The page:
Renowned fashion designer, Oscar de la Renta, has died at the age of 82. The cause of death was confirmed by his wife as complications from cancer.
For decades his gowns were worn by some of the most esteemed and affluent women of the world including royalty, celebrities, and socialites. In the 1980s, he dressed U.S. First Lady Nancy Reagan and went on to provide inaugural gowns for Hillary Clinton and Laura Bush.
At a recent retrospective exhibit of his designs, Clinton praised the designer saying, “His name alone evokes elegance and timeless beauty. And his designs give each of us a chance to feel like we’re special, too.”
His Hollywood fans included Audrey Hepburn, Nicole Kidman, Penelope Cruz, Sarah Jessica Parker, and Oprah Winfrey, and his elegant gowns became a familiar fixture on the cover of Vogue magazine and on numerous red carpets. Most recently he created the bridal gown human rights lawyer Amal Alamuddin wore when she wed movie star George Clooney this fall.
However, despite the chorus of praises he received throughout his lengthy career, the designer did have one famous detractor: current First Lady Michelle Obama. For several years Mrs. Obama eschewed his garments after he publicly criticized her for wearing a J. Crew cardigan over an Isabel Toledo-designed dress while meeting with the Queen of England in 2009 (he was quoted in Women’s Wear Daily as saying that you don’t “go to Buckingham Palace in a sweater”).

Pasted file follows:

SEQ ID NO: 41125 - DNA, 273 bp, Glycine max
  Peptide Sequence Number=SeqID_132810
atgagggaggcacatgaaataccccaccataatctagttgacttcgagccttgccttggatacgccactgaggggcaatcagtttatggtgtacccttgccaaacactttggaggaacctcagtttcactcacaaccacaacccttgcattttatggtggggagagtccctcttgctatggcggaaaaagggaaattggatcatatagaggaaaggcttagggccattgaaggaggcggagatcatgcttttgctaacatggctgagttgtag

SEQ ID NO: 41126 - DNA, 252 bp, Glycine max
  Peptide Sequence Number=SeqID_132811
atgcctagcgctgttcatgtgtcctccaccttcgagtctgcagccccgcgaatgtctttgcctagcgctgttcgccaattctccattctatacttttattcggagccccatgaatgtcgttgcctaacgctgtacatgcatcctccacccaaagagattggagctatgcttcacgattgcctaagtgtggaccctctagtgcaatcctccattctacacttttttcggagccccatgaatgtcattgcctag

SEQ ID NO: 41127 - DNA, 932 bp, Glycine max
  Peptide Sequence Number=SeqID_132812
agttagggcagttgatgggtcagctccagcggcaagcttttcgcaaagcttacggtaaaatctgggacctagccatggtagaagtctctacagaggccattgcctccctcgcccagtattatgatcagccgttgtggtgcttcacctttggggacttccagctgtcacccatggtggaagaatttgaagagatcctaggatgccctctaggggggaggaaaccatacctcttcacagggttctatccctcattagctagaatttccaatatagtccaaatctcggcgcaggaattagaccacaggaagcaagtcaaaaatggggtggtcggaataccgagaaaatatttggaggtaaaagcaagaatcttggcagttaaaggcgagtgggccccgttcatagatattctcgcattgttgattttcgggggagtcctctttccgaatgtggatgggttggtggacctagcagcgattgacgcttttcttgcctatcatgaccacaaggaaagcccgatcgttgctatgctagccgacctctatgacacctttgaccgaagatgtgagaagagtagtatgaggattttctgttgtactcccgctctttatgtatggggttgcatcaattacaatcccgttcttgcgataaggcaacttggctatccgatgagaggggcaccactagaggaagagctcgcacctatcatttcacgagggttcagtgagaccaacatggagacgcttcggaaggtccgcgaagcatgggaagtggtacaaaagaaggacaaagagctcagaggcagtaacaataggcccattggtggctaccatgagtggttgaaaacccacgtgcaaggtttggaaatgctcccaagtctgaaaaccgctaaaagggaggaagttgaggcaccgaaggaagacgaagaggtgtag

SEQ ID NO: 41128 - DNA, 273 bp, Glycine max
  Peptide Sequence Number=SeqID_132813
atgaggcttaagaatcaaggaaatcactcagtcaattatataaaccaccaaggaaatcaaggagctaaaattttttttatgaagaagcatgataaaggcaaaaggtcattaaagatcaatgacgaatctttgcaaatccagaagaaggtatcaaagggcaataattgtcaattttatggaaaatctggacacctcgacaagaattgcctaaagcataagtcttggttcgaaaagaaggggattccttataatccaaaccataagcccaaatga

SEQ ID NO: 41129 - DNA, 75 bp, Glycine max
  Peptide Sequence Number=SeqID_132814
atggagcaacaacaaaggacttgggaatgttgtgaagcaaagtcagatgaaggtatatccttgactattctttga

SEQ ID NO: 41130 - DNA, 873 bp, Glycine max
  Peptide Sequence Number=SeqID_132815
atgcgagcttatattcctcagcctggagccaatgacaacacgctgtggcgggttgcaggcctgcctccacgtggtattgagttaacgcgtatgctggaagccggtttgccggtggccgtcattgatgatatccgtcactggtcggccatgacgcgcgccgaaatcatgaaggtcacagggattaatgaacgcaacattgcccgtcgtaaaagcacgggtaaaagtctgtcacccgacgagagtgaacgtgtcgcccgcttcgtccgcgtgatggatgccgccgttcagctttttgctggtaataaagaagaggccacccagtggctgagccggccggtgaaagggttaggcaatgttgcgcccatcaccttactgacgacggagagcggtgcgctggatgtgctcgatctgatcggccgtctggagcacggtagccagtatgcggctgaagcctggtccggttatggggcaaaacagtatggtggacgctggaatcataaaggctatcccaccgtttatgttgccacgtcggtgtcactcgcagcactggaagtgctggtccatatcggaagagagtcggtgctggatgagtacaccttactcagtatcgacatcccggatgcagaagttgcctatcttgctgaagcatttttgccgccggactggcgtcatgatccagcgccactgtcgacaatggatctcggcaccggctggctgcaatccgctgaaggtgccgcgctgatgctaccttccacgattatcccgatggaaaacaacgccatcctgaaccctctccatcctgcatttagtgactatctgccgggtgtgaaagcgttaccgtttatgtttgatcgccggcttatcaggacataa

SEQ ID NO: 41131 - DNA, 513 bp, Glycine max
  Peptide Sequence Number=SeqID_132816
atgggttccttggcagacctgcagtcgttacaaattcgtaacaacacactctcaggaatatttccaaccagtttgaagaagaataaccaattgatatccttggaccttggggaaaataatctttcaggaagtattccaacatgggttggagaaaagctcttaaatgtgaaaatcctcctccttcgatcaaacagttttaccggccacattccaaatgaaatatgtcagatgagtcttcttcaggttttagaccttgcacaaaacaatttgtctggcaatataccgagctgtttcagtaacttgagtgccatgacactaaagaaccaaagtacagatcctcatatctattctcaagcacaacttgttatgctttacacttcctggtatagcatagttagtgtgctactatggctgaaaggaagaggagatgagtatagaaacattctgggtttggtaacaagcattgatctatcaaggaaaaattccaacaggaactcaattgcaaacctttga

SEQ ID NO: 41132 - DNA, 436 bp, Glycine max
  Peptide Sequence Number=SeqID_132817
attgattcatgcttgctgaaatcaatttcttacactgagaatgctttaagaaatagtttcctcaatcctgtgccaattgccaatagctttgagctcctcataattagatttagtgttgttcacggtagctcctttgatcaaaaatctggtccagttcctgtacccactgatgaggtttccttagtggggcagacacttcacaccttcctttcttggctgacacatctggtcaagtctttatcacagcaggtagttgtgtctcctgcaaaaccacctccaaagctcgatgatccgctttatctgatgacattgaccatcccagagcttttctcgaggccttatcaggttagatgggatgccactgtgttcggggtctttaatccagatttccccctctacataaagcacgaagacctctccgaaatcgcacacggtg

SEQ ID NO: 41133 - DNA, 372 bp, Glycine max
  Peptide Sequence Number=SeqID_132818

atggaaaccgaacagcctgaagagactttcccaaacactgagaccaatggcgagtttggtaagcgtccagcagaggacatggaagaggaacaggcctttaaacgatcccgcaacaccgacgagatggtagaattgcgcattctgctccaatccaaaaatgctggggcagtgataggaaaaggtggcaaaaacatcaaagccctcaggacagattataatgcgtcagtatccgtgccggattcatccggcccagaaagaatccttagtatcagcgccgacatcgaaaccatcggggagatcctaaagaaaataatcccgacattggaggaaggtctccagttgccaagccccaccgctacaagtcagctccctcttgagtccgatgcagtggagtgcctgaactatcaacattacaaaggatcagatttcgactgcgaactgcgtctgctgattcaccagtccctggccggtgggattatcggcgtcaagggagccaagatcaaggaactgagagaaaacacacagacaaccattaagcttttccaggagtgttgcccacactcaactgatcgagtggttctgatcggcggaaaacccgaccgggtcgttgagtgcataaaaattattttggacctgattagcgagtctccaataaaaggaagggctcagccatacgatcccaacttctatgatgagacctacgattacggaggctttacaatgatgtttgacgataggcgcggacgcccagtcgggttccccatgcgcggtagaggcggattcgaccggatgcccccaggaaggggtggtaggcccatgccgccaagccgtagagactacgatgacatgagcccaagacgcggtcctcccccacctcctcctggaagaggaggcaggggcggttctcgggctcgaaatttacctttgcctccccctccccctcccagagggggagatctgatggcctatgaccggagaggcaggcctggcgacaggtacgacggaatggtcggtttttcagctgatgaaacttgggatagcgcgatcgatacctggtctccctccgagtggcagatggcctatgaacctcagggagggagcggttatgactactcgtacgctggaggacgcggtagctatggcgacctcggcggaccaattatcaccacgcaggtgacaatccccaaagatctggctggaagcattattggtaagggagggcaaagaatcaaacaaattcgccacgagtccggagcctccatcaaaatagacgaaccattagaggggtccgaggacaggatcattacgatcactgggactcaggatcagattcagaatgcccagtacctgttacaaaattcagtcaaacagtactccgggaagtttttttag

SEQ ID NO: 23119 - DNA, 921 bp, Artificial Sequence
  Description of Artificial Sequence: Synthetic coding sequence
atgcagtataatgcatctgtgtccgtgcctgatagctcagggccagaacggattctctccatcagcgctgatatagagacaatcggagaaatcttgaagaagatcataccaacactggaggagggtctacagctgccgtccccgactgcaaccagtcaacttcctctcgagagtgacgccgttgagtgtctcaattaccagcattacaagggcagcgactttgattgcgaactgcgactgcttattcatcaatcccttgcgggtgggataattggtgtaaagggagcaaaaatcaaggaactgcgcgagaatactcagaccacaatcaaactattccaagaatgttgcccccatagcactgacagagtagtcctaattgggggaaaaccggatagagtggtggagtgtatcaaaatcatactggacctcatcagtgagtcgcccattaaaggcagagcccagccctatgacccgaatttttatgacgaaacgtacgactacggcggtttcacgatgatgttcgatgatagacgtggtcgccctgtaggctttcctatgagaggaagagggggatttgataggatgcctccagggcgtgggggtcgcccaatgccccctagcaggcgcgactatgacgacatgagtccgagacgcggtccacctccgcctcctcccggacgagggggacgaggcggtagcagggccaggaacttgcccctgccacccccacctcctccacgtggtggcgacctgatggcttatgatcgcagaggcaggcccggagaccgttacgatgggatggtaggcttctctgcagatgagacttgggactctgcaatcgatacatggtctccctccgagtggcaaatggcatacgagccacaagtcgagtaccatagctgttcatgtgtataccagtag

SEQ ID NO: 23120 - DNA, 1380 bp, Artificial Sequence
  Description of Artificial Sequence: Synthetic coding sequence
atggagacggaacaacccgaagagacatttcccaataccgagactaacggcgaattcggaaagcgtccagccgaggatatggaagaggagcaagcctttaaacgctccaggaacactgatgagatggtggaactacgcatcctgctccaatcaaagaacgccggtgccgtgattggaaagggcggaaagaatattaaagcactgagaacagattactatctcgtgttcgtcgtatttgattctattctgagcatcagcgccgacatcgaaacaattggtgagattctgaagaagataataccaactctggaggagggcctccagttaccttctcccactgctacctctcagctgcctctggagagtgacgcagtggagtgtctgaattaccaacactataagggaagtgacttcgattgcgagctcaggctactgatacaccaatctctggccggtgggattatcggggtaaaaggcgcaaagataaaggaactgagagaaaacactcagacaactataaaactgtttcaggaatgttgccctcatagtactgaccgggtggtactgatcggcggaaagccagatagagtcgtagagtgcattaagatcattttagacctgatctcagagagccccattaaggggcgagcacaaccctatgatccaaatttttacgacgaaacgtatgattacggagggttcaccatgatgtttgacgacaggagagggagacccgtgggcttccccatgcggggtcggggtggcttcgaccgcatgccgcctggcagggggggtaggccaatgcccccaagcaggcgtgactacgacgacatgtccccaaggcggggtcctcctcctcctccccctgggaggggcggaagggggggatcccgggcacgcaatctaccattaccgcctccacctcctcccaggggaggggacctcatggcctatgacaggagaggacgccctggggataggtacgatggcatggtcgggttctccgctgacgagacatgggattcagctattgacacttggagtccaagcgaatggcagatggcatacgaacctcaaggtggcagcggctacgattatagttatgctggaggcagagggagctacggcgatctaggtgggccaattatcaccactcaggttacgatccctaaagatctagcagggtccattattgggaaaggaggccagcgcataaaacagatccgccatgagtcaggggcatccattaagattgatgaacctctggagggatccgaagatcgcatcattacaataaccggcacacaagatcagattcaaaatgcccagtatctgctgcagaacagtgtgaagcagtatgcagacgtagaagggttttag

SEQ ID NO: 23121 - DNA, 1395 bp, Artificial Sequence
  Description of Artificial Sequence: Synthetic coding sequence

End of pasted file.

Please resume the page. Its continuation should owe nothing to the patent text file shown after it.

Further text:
But, there was a dramatic turning point in this unspoken riff: just this month Mrs. Obama wore his label, for the first time, to a cocktail party after her White House Fashion Education Workshop. It was a telling move as Mrs. Obama is well aware of how her style is received and dissected in the public discourse, and her decision to wear his dress at an event filled with fashion elite was (seemingly) an attempt to make amends with the iconic designer.
Born in Santo Domingo, Dominican Republic, de la Renta studied painting in Spain and apprenticed with Cristobal Balenciaga before moving to Paris to work at Lanvin and Balmain. In the 1960s he moved to New York, acquired his citizenship, and worked with Elizabeth Arden before launching his ready-to-wear label.
He also held the distinction of being the first American to become the top designer of a French fashion house after taking over the reins at Paris-based Balmain from 1993 to 2002.
His accolades include the American fashion industry’s Coty Award in 1967 and 1968, and a lifetime achievement award from the Council of Fashion Designers of America in 1990.
He is survived by his wife Annette de la Renta and adopted son, Moises.
“Style begins by looking good naked,” he said in a 2013 interview with the U.K.’s Telegraph newspaper. “It’s a discipline. And if you don’t dress well every day, you lose the habit. It’s not about what you wear, but how you live your life.”
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